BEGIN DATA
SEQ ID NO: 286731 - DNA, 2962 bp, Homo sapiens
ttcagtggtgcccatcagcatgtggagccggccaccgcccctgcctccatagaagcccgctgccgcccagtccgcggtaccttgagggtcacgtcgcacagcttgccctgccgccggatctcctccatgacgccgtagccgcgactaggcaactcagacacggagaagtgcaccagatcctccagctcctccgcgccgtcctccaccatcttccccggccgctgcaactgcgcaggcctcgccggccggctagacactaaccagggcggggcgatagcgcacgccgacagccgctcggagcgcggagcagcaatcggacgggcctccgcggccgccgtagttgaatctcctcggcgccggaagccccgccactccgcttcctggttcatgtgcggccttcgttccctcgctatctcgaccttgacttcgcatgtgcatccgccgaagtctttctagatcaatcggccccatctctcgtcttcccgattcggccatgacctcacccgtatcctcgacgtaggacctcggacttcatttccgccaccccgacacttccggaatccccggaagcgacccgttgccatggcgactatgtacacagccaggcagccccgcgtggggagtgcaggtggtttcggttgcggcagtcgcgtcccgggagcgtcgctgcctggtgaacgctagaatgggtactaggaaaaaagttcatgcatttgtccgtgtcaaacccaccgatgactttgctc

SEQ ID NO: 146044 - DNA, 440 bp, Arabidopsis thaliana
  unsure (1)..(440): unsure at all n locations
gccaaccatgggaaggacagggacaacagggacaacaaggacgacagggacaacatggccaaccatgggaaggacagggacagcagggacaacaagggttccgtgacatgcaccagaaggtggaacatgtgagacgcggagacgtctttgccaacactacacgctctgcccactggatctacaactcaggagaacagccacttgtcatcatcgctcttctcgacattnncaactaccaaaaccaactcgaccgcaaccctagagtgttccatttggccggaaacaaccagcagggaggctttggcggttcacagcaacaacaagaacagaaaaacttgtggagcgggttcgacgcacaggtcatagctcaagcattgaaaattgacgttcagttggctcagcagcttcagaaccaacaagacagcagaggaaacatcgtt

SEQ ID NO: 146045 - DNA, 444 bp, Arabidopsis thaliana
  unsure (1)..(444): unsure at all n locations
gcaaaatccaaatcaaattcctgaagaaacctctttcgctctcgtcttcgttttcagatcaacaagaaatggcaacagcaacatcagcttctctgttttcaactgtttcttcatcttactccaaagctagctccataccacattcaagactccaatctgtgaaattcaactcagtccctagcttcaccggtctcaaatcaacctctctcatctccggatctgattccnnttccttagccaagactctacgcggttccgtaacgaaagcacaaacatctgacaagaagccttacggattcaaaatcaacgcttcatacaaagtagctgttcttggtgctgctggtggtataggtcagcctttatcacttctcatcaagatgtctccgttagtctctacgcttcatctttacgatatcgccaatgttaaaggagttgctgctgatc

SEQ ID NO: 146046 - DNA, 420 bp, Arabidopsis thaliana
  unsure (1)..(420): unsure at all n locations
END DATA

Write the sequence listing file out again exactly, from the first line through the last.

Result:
SEQ ID NO: 286731 - DNA, 2962 bp, Homo sapiens
ttcagtggtgcccatcagcatgtggagccggccaccgcccctgcctccatagaagcccgctgccgcccagtccgcggtaccttgagggtcacgtcgcacagcttgccctgccgccggatctcctccatgacgccgtagccgcgactaggcaactcagacacggagaagtgcaccagatcctccagctcctccgcgccgtcctccaccatcttccccggccgctgcaactgcgcaggcctcgccggccggctagacactaaccagggcggggcgatagcgcacgccgacagccgctcggagcgcggagcagcaatcggacgggcctccgcggccgccgtagttgaatctcctcggcgccggaagccccgccactccgcttcctggttcatgtgcggccttcgttccctcgctatctcgaccttgacttcgcatgtgcatccgccgaagtctttctagatcaatcggccccatctctcgtcttcccgattcggccatgacctcacccgtatcctcgacgtaggacctcggacttcatttccgccaccccgacacttccggaatccccggaagcgacccgttgccatggcgactatgtacacagccaggcagccccgcgtggggagtgcaggtggtttcggttgcggcagtcgcgtcccgggagcgtcgctgcctggtgaacgctagaatgggtactaggaaaaaagttcatgcatttgtccgtgtcaaacccaccgatgactttgctc

SEQ ID NO: 146044 - DNA, 440 bp, Arabidopsis thaliana
  unsure (1)..(440): unsure at all n locations
gccaaccatgggaaggacagggacaacagggacaacaaggacgacagggacaacatggccaaccatgggaaggacagggacagcagggacaacaagggttccgtgacatgcaccagaaggtggaacatgtgagacgcggagacgtctttgccaacactacacgctctgcccactggatctacaactcaggagaacagccacttgtcatcatcgctcttctcgacattnncaactaccaaaaccaactcgaccgcaaccctagagtgttccatttggccggaaacaaccagcagggaggctttggcggttcacagcaacaacaagaacagaaaaacttgtggagcgggttcgacgcacaggtcatagctcaagcattgaaaattgacgttcagttggctcagcagcttcagaaccaacaagacagcagaggaaacatcgtt

SEQ ID NO: 146045 - DNA, 444 bp, Arabidopsis thaliana
  unsure (1)..(444): unsure at all n locations
gcaaaatccaaatcaaattcctgaagaaacctctttcgctctcgtcttcgttttcagatcaacaagaaatggcaacagcaacatcagcttctctgttttcaactgtttcttcatcttactccaaagctagctccataccacattcaagactccaatctgtgaaattcaactcagtccctagcttcaccggtctcaaatcaacctctctcatctccggatctgattccnnttccttagccaagactctacgcggttccgtaacgaaagcacaaacatctgacaagaagccttacggattcaaaatcaacgcttcatacaaagtagctgttcttggtgctgctggtggtataggtcagcctttatcacttctcatcaagatgtctccgttagtctctacgcttcatctttacgatatcgccaatgttaaaggagttgctgctgatc

SEQ ID NO: 146046 - DNA, 420 bp, Arabidopsis thaliana
  unsure (1)..(420): unsure at all n locations